National Dish of Trinidad and Tobago and Grenada (recipes inside)

One thing that didn’t take me by surprise is Trindad’s national dish, pelau. While there is unending debate as to what the national dish of Trinidad and Tobago is, all my research points to Pelau-a rice, chicken and vegetable bouyon I’ve loved since my childhood years. Follow the link below to find ther recipe compliments

Pelau recipe(

Ground provisions, saffron, curry, coconut milk and all types of meat under the sun come together to creat the best tasting dish in the world, Oil Down (my Grenadian bias). Oil Down is the national dish of Grenada and, unlike the name suggests, it is not made with oil but with coconut milk. It is a one-pot dish that combines vegetables, meat,provisions and seasoning to create a rich yellow meal that leaves your tummy satisfied and leaves your tastebuds hungry.Follow the link below for a Grenadian Oil Down recipe compliments Please note, however,  that we do have access to freshwater year round (lol -_-)

Oil Down recipe(

Hope you enjoy these recipes… 😉


Trinidad: Easy Access

No. I’m not talking about that amazing Busy Signal song that rang in our ears for years. I’m really talking about how easy it is to access everything in Trinidad. An eye, ear and mouth opener for me is the fact that Trinidad is ALWAYS open. Jus last Sunday, a friend and I wanted to head to Trincity Mall. As we stood under a bus shed waiting on our red band maxi (i’m a proud greenz-trini “traveller” now) approximately twenty maxis passed us, filled to capacity. In Grenada, if you actually get a bus on a Sunday evening you’re a lucky one. As we got to the mall, there were scores of people. It was unbelievable! To us, Sunday is family-time or beach-time, not mall-time. We got through the crowd and went to order our food. Oh goodness, Trini food.  All types of food, everywhere, any time. Curepe is my one-stop food spot. Burgers, clams, barbecued and grilled meats and my favourites gyros and doubles; think it and it’s there. If you’re not in the mood to leave your place of abode, delivery is available from major fast food restaurants like KFC, Mario’s pizzeria, Pizza Hut, Papa John’s, JAPS and even a few Chinese restaurants. A fellow Grenadian brother has even dubbed friday’s #KFCFriday’s:only by delivery. Businesses in Trinidad and Tobago never seem to close and there seems to be every type of business you can think of under the hot Caribbean sun. I love Trinidad and Tobago and its EASY ACCESS.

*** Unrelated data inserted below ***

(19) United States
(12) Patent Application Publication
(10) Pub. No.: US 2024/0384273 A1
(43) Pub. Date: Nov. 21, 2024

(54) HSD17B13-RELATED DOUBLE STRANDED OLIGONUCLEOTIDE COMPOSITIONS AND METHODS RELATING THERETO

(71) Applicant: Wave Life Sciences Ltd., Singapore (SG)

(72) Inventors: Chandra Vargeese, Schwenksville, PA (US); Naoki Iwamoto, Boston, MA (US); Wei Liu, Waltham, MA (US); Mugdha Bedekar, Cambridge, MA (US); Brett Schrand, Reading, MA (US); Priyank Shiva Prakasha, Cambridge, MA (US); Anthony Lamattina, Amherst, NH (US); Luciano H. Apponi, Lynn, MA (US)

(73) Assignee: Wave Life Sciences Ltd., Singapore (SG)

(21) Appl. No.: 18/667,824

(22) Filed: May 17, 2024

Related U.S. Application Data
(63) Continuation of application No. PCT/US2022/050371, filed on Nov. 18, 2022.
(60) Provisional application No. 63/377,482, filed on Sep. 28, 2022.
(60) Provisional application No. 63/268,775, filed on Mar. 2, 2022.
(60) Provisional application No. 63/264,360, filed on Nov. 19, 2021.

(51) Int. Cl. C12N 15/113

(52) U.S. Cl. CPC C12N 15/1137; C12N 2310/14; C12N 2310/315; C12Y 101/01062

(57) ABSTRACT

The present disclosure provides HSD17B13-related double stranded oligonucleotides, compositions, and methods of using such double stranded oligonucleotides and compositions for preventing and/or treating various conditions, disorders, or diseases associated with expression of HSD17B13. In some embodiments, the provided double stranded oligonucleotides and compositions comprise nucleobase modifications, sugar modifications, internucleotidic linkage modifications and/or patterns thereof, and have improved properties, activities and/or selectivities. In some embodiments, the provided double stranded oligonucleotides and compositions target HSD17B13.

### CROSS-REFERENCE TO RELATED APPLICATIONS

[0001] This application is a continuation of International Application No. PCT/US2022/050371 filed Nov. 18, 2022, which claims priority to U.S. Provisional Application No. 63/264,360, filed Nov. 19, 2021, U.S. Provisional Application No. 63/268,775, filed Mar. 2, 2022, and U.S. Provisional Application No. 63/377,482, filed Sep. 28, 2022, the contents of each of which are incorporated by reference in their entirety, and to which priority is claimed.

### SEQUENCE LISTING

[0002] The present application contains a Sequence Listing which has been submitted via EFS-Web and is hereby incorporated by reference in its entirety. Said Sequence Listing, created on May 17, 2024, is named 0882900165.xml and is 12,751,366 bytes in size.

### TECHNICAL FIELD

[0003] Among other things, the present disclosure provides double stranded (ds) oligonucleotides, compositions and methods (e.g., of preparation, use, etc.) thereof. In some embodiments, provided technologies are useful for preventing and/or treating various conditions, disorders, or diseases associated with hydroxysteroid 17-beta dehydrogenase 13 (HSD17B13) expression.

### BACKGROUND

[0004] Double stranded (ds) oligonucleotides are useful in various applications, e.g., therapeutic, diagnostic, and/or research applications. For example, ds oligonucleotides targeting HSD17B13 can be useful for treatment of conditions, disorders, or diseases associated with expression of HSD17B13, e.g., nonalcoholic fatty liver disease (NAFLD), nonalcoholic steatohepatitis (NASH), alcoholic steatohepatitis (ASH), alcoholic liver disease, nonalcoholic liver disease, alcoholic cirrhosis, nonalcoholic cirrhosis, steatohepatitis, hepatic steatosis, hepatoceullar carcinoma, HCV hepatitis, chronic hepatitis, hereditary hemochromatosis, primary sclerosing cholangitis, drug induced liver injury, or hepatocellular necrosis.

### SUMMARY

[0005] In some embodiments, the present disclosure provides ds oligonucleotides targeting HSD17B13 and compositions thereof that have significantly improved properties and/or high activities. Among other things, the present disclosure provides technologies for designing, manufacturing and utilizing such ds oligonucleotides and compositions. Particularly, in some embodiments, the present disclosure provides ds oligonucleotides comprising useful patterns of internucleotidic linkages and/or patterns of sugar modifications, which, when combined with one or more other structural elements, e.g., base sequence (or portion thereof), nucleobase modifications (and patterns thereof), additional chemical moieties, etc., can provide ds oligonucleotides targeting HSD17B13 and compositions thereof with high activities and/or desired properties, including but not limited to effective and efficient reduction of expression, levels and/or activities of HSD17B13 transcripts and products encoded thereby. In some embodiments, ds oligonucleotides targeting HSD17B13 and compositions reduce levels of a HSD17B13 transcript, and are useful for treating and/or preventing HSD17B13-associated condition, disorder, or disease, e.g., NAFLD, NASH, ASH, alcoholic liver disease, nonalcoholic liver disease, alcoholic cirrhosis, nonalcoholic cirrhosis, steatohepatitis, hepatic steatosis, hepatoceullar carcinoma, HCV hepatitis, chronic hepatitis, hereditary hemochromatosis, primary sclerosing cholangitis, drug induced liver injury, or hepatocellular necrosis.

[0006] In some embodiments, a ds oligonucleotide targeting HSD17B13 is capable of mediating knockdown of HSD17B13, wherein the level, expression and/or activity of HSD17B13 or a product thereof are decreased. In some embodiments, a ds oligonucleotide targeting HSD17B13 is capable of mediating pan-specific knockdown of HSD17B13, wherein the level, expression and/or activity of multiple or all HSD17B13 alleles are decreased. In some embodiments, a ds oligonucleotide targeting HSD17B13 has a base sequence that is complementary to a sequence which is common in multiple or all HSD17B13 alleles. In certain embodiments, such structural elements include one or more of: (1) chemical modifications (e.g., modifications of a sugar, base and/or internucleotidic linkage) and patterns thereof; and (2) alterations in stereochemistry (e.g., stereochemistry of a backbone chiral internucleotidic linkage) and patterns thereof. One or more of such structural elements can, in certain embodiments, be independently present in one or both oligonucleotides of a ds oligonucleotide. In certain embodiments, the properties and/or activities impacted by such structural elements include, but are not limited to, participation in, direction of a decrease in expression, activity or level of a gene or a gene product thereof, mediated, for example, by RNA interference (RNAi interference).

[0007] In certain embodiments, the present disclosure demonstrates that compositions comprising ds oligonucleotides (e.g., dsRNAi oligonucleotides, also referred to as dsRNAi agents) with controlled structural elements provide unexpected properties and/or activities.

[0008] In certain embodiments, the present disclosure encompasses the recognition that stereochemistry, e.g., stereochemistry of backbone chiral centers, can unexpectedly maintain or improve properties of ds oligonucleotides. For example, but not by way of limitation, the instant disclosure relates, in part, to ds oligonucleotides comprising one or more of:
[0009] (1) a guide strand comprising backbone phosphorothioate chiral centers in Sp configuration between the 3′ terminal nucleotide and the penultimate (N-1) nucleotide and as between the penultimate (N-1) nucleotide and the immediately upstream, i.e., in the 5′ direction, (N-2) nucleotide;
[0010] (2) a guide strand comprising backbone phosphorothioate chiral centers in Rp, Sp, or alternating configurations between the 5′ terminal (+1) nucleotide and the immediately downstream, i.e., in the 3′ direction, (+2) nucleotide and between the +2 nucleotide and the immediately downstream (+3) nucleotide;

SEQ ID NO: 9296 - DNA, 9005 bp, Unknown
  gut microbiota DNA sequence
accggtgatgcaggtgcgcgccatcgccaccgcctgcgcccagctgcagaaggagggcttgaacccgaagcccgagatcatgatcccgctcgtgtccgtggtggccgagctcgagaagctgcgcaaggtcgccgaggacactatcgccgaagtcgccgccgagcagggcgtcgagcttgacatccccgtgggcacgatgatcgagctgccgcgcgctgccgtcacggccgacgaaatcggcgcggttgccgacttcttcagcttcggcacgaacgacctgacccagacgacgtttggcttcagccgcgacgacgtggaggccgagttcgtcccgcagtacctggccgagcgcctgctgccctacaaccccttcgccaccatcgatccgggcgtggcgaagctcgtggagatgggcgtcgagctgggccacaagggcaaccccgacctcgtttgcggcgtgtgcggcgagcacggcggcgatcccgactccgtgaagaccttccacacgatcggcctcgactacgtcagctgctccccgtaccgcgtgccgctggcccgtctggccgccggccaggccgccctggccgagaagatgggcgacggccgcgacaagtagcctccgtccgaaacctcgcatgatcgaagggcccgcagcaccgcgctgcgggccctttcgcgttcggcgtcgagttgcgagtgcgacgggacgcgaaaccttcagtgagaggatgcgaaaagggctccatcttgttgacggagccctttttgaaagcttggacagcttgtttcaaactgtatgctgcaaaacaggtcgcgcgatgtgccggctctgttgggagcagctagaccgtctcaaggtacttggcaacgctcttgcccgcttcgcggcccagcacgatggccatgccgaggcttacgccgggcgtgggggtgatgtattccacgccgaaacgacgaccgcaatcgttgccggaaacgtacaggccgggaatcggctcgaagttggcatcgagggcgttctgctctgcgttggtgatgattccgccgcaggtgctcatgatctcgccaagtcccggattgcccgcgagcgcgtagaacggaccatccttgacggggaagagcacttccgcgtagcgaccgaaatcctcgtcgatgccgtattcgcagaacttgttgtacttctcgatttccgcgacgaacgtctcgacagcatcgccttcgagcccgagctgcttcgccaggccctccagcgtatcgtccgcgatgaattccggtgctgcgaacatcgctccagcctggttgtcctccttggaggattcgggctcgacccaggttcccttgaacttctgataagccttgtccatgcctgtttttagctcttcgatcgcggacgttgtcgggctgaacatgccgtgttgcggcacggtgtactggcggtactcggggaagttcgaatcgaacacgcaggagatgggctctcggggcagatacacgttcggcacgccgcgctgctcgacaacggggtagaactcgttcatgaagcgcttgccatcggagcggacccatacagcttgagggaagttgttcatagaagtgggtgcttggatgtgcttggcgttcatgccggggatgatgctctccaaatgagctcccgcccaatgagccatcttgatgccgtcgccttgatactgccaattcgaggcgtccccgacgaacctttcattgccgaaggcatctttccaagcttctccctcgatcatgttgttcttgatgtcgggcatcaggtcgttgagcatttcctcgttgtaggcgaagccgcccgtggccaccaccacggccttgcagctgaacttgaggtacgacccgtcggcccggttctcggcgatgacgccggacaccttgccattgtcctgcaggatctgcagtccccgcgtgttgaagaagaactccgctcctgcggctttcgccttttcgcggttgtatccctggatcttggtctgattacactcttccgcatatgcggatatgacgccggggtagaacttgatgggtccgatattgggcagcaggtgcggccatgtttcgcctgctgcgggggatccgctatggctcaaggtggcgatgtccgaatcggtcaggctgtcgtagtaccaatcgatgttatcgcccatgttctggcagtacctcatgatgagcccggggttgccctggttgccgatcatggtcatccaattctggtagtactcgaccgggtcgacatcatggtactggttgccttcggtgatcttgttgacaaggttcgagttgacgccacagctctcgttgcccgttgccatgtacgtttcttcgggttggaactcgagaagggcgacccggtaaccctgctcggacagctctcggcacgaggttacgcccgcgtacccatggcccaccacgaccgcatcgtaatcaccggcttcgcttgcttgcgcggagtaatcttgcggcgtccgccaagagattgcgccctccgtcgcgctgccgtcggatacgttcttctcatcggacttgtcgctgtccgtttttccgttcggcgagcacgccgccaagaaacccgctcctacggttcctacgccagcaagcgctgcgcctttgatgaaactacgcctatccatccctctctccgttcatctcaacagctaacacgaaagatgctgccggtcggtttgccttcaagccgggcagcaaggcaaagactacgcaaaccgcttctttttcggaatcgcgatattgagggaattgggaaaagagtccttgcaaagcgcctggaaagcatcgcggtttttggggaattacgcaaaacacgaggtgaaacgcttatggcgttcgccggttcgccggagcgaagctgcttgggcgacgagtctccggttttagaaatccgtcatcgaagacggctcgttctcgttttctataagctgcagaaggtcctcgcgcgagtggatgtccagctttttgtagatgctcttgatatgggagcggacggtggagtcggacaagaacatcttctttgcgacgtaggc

P.S. Check out the link below to see the art of making doubles compliments (c) PAL 😉

Purity vs. Revelry: An experience of two differently similar worlds

In 2004, I was given the option of flying to Trinidad and Tobago to visit my sister who was a student at the Student Accountancy Centre at the time. I declined. The stories carried across Grenadian media about the crime  and general life in Trinidad and Tobago was not my cup of tea at the time. My idea of adventure included visits to waterfalls, hiking and rain-forest exploration. Trodding to what I believed was the land of crime was not on my bucket list. But then, life happened. I was now an adult and needed to attain a University degree. So in 2012, I boarded my Caribbean Airlines flight and headed to the land of steelpan. It was a Sunday(I remembered that day clearly). As I landed, I was surprised at the fact that we werent gated but instead had to walk on the tarmac toward arrivals. As I left the airport, I was surprised that Tunapuna and other places were so rural. I honestly expected a little New York. When I got to the Arthur Lewis Hall of Residence, my place of abode for the past three years, I was surprised at how small the lobby was, at how small the rooms were, at how small that bed was. I was surprised that the inner parts of Trinidad and Tobago were so similar to my dear island, Pure Grenada.

With all these similarities, there were distinct differences. The values and ideologies of the two countries stood out most to me. While Grenada was bent on treasuring the purity of the island, Trinidad and Tobago was focused on revelry. There were festivals and parties every month. The support of the island’s multiculturalism was simply amazing to me. The carnival, phagwa, diwali and other celebrations were an eye-opener. Trinidadians love to party. I love to party too, but I can’t do it like those from the Land of Bacchanal.

After spending almost three years in Trinidad and Tobago I can proudly say I’ve fell in love. Trinidad is my second home. Its my Aunt; Tanty Bacchanal. After I’m finished with my degree I promise to always visit, to always love you and to never doubt your rich goodness. Love Ya :*